Yahya Karabaş, a villager from the Kurdish southeast of Turkey was detained for four days and subjected to torture by Turkish soldiers after being detained from his village on 31 March.
Soldiers raided a number of houses in the village of Timok (Gömüşörgü) in Batman’s Kozluk district, beating 15 people and taking them into custody.
Ten of the 15 were released on the same day after giving statements at the Gömüşörgü Gendarme Station.
Yahya Karabaş, Yakup Karabaş, Şaban Cengiz, Fırat Baran and Saddullah Karabaş were referred to the prosecution on 3 April. Saddullah Karabaş was remanded in custody on allegations of membership of an illegal organisation, but the remaining four were released on bail.
“Around 5 a.m., the village mukhtar (administrative head) knocked on my door and said that soldiers were asking for me. I got dressed and came out. We walked about 600 metres and came to a military vehicle standing at the back of the village. Without asking any questions, some military officers in plain clothes got out of this vehicle and started attacking me.” Yahya Karabaş told the Mezopotamya Agency.
“Then someone I didn’t see put a sack over my head from behind. They put me in the car and took me away. I didn’t know where they were taking me. They drove me around for about two hours. I was verbally abused by the people in the car throughout. They took me out of the car, but I didn’t know where I was because my eyes were covered. But I could tell by the sounds of nature that I was in a forest. After getting me out of the car, they started dunking my head in and out of water.”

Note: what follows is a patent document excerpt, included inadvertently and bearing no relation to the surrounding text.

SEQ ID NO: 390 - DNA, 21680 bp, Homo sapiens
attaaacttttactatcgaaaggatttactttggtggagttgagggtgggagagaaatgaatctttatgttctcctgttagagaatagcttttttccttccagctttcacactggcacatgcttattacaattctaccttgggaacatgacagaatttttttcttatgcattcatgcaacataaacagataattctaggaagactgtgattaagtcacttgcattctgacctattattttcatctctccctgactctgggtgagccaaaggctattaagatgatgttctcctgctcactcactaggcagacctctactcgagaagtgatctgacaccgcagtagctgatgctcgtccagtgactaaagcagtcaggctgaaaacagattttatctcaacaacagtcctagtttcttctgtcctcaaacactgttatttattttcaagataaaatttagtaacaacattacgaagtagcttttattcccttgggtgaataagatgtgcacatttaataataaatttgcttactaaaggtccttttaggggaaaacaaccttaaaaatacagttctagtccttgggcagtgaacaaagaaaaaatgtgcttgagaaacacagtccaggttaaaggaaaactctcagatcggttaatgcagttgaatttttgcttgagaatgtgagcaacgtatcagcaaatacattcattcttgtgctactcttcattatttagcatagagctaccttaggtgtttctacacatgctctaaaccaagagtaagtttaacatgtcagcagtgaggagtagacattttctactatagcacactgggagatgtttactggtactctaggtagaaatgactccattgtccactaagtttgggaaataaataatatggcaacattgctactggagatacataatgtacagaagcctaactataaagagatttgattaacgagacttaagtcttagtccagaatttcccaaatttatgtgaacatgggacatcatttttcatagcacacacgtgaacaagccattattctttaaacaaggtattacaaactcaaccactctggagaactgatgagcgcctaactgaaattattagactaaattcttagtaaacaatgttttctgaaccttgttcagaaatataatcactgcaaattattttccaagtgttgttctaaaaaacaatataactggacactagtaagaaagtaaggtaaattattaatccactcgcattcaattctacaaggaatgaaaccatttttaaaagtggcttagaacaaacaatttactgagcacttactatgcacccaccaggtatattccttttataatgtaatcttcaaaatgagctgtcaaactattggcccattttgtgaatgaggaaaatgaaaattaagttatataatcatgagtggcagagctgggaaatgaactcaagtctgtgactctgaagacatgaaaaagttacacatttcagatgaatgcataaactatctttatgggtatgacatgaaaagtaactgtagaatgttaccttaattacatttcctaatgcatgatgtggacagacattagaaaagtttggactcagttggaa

‘We’ll kill you here and no one will know’
The villager was asked where ‘the Kurdish fighters’ were, and when he said he did not know, the torture sessions continued.
They put a gun against my head and said, “‘We’ll kill you here. No one will know,’ and they kept on torturing me,” said Karabaş, who has now lodged a criminal complaint and applied to the Human Rights Association (IHD), an NGO based in Turkey.
The soldiers also took him to the hospital, but a plainclothed officer intervened with the doctor, preventing him from issuing a medical report detailing the torture.
When a video of Karabaş with his eyes bloodshot from the beatings was published in social media, it caused a public outrage.
Peoples’ Democratic Party (HDP) MPs went to the village to talk with the villagers. However they were prevented from doing so as access to the village had been prohibited for seven days.
Reacting to the situation, HDP Women’s Assembly spokeswoman Ayşe Acar Başaran said the reason for the access being restricted was to cover up the torture. Başaran talked with the soldiers who were waiting at the entrance of the village:
“Some villagers have been tortured here for several days. We want to talk to them. We want to contact them because we are concerned for their safety. This seven-day access ban is unlawful. Anyone who is complicit in this lawlessness will be held accountable. Both those who gave this order and those who tortured the villagers will be held accountable. This ban is itself an indicator of torture,” she said.